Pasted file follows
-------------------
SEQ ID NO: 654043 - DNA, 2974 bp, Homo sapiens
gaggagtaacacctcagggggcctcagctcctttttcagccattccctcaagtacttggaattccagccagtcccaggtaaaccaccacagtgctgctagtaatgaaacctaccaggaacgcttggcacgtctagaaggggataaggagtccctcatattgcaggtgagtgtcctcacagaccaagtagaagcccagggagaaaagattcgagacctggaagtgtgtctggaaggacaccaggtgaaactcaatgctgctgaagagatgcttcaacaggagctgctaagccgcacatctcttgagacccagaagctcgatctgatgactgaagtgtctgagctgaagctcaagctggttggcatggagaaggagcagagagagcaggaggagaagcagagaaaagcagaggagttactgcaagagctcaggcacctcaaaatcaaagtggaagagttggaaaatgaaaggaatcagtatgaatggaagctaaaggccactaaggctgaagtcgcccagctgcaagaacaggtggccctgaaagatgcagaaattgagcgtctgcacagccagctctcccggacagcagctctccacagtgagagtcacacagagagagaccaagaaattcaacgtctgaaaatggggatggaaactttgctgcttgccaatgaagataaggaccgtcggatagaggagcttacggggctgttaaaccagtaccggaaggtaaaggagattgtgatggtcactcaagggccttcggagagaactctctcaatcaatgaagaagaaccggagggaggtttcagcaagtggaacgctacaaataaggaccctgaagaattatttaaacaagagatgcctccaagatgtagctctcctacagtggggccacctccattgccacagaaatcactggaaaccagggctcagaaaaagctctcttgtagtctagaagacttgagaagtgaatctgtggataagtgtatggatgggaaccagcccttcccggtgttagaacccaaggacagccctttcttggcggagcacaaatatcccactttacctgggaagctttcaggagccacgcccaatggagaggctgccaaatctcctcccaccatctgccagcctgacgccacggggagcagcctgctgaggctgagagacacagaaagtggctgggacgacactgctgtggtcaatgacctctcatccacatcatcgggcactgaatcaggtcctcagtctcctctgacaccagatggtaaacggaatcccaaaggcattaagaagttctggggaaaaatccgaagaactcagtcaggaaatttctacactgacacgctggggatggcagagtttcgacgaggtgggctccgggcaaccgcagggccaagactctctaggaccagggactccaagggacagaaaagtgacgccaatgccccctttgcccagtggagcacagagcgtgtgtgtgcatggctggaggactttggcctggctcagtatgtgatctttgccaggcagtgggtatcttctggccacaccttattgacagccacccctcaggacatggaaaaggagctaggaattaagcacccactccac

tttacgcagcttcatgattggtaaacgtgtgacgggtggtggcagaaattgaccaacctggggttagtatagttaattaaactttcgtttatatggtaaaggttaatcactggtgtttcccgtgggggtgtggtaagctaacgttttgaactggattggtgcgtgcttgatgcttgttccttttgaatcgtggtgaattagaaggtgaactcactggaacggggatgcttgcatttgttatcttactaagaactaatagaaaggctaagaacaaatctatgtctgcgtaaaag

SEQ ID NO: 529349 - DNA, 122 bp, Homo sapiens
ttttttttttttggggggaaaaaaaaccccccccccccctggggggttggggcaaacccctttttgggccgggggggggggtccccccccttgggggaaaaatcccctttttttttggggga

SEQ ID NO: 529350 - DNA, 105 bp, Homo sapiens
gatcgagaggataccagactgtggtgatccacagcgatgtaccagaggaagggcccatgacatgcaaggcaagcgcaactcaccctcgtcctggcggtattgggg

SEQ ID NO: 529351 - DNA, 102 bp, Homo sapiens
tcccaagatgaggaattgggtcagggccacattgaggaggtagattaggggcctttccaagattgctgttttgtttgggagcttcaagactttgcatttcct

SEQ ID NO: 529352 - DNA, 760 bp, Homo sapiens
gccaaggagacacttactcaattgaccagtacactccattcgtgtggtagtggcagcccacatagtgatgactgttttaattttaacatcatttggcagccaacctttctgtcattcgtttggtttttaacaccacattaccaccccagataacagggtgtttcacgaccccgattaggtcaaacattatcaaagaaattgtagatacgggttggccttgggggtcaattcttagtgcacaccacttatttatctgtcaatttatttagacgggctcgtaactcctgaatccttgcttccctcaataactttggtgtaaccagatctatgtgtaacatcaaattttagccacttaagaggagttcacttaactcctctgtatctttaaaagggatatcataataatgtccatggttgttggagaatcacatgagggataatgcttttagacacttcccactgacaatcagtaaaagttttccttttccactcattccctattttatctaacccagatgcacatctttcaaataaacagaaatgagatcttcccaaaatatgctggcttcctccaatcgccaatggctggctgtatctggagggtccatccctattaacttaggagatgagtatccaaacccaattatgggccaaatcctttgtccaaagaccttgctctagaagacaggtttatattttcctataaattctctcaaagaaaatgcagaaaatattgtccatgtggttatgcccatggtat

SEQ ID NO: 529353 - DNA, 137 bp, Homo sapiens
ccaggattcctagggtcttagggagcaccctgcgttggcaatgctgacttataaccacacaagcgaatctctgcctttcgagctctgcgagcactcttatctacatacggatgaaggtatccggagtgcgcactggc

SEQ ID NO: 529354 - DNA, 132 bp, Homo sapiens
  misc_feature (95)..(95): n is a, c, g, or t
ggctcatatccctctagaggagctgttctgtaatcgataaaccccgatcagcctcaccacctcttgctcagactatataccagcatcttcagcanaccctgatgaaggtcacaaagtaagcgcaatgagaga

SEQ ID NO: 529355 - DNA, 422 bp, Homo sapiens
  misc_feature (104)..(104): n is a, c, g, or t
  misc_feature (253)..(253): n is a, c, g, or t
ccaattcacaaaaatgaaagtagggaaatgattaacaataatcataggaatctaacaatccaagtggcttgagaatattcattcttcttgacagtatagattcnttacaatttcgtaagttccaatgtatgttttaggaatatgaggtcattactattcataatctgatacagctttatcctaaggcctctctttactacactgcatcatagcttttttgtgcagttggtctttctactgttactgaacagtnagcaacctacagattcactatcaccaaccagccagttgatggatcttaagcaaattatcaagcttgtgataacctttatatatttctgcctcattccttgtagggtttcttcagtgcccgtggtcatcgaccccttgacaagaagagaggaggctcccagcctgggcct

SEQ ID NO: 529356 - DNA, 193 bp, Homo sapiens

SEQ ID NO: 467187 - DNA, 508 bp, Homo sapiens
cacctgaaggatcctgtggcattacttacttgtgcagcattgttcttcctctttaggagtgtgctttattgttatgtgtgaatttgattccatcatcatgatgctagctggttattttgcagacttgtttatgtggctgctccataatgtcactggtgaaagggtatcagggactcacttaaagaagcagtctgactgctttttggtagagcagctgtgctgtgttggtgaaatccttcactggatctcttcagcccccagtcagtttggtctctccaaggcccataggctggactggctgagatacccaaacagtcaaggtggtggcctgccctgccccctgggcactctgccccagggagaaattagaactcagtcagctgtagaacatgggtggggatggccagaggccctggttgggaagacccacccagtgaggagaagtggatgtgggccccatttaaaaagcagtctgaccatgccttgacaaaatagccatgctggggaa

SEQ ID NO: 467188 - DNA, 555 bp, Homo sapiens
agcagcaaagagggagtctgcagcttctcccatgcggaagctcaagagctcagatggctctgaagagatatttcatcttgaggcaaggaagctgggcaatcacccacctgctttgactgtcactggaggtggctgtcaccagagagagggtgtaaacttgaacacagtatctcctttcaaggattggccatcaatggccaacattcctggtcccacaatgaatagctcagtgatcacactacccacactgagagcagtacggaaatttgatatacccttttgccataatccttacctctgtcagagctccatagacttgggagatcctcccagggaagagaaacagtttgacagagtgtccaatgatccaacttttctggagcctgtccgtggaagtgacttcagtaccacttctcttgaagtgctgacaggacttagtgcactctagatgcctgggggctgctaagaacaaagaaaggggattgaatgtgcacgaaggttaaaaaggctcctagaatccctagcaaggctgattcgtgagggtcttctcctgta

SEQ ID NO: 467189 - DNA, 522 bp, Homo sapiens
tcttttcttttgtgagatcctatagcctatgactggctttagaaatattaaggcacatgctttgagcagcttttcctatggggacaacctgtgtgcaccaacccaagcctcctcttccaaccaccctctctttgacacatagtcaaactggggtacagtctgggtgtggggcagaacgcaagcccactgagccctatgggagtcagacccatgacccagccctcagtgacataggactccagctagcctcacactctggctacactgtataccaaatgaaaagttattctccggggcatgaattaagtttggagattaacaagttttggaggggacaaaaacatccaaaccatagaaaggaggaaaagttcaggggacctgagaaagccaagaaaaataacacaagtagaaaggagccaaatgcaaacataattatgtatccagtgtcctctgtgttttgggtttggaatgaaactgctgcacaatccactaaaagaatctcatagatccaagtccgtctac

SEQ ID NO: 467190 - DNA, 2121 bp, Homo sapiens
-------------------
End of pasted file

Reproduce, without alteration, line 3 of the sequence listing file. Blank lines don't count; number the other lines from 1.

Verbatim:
tttacgcagcttcatgattggtaaacgtgtgacgggtggtggcagaaattgaccaacctggggttagtatagttaattaaactttcgtttatatggtaaaggttaatcactggtgtttcccgtgggggtgtggtaagctaacgttttgaactggattggtgcgtgcttgatgcttgttccttttgaatcgtggtgaattagaaggtgaactcactggaacggggatgcttgcatttgttatcttactaagaactaatagaaaggctaagaacaaatctatgtctgcgtaaaag